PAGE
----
Gloomy Day Attracts First Solar, Inc., SunPower Corporation Options Traders

Solar stocks First Solar, Inc. (NASDAQ:FSLR) and SunPower Corporation (NASDAQ:SPWR) are fresh off three-year lows

Sep 14, 2016 at 12:06 PM
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It's been a dark day for solar stocks First Solar, Inc. (NASDAQ:FSLR) and SunPower Corporation (NASDAQ:SPWR). Both stocks are sharply lower, and fresh off three-year lows of $34.50 and $8.01, respectively. Amid this sector-wide free-fall, options volume is accelerated on both FSLR and SPWR.

Starting with First Solar, the stock's call are trading at triple the usual intraday rate. The most active strike is the September 35.50 call, where speculator are buying new positions -- anticipating the shares will rebound back above $35.50 by Friday's close, when the front-month options expire. At last check, FSLR was down 3.5% at $35.13.

Bearish options betting has picked up on First Solar, Inc. of late -- and it's no wonder, considering the aforementioned technical backdrop. Specifically, the stock's 10-day International Securities Exchange (ISE), Chicago Board Options Exchange (CBOE), and NASDAQ OMX PHLX (PHLX) put/call volume ratio of 0.89 ranks near the top quartile of its annual range.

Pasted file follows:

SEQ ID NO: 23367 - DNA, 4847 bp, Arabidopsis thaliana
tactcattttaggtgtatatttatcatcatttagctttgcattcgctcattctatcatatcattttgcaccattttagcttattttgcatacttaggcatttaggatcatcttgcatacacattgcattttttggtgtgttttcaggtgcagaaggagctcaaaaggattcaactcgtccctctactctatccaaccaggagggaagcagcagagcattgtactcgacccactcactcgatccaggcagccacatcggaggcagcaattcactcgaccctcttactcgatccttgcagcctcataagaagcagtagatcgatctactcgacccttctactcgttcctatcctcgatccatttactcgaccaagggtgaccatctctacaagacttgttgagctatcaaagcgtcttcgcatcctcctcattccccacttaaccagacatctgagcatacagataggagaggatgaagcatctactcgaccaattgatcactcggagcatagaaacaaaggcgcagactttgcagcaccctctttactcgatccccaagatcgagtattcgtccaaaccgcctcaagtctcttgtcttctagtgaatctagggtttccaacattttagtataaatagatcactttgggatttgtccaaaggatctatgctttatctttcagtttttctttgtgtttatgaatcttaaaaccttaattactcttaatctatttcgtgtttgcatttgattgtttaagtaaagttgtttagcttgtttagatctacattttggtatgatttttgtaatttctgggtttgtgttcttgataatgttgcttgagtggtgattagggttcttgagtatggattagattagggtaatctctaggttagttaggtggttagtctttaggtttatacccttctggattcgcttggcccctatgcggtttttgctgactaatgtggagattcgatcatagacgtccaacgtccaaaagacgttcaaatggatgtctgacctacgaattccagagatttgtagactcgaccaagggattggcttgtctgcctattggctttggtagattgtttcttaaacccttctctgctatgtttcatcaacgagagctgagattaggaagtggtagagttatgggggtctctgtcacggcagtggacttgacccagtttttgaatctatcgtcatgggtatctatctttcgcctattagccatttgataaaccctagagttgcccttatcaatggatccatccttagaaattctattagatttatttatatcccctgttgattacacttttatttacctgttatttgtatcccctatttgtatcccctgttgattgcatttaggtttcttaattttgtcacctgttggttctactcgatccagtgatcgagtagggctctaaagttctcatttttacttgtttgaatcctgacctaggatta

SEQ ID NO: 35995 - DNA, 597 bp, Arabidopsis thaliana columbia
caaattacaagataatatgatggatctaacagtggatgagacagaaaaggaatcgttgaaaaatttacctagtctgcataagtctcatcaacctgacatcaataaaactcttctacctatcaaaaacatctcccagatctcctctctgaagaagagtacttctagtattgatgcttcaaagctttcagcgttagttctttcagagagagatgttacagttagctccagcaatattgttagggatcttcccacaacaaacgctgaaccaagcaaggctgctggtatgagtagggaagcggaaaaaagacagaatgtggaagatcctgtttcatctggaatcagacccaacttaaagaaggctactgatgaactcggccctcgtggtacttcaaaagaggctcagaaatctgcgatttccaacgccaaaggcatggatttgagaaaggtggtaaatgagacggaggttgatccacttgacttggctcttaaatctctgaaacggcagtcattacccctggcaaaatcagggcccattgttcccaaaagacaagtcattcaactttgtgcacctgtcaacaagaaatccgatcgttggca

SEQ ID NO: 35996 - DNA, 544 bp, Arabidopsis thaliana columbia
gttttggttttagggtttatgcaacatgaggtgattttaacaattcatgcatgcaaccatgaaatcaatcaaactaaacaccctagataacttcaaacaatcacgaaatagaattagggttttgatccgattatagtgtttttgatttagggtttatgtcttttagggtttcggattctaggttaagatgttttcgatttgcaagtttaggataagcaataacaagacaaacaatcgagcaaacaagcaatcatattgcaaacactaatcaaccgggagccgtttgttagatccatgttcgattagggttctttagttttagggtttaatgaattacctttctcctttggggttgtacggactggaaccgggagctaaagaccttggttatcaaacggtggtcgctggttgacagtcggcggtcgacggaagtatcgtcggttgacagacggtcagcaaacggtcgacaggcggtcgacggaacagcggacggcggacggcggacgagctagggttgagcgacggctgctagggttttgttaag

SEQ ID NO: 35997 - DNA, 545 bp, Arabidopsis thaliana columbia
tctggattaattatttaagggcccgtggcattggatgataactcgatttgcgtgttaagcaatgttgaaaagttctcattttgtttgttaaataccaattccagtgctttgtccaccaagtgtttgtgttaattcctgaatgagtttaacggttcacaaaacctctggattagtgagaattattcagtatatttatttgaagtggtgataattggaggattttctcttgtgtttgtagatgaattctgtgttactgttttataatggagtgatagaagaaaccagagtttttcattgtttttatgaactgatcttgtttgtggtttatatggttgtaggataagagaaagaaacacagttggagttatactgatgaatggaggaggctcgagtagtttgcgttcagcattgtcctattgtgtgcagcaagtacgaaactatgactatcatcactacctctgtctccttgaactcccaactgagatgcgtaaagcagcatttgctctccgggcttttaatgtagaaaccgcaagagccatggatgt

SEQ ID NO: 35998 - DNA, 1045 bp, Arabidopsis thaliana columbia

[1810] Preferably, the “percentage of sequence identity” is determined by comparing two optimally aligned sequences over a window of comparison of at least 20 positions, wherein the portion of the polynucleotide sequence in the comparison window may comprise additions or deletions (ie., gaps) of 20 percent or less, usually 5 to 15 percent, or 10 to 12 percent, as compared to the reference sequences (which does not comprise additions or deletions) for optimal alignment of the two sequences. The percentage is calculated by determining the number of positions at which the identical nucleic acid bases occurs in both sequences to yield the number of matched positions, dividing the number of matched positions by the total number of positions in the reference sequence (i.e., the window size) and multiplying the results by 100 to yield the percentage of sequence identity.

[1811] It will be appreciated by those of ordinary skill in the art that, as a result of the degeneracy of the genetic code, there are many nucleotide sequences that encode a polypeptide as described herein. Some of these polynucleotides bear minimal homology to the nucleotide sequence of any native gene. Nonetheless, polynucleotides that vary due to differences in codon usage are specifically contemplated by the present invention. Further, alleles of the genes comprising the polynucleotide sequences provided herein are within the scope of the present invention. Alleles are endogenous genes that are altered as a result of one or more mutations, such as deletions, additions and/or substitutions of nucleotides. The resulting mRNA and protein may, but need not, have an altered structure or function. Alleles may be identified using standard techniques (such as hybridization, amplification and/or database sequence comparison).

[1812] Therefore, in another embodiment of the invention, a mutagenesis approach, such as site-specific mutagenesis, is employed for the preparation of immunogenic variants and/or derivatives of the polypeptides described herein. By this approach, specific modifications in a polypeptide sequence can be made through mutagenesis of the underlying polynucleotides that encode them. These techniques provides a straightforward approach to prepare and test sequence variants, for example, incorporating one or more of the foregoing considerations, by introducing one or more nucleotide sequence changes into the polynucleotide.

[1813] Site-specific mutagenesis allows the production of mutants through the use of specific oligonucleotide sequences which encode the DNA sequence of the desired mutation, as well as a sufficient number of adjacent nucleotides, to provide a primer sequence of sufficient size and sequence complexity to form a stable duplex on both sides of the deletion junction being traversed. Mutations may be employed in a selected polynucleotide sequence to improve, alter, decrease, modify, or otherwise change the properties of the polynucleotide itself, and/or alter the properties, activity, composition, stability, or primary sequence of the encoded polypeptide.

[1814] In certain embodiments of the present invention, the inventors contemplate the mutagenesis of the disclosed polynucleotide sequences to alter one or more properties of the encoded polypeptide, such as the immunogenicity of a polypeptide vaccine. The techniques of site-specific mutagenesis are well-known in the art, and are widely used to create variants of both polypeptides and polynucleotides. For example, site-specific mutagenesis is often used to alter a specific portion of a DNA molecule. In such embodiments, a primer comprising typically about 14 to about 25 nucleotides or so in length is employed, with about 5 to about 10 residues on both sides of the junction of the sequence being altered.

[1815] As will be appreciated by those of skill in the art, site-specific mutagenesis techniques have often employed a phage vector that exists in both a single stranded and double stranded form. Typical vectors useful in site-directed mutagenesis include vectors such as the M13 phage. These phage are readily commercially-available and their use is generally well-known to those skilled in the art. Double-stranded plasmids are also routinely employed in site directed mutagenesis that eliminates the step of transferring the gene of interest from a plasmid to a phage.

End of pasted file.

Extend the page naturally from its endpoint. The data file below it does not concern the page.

On a percentage basis, SPWR is even worse off today, down 9.2% at $8.04. It's little surprise, then, that the stock's put options are being exchanged at eight times the expected intraday clip. Digging deeper, buy-to-open activity is detected at the March 2017 7-strike put. In other words, the buyers anticipate SPWR will drop below $7 by expiration next March -- territory not charted since January 2013.

This strong preference for long puts represents a departure from the longer-term trend toward calls. In fact, during the last 10 days at the ISE, CBOE, and PHLX, SunPower Corporation traders have bought to open 7.19 calls for every put -- a ratio that registers in the bullishly skewed 87th annual percentile. Of course, given that 26.4% of the stock's float is sold short, it's likely some calls have been purchased by short sellers as protection against an unforeseen rally.

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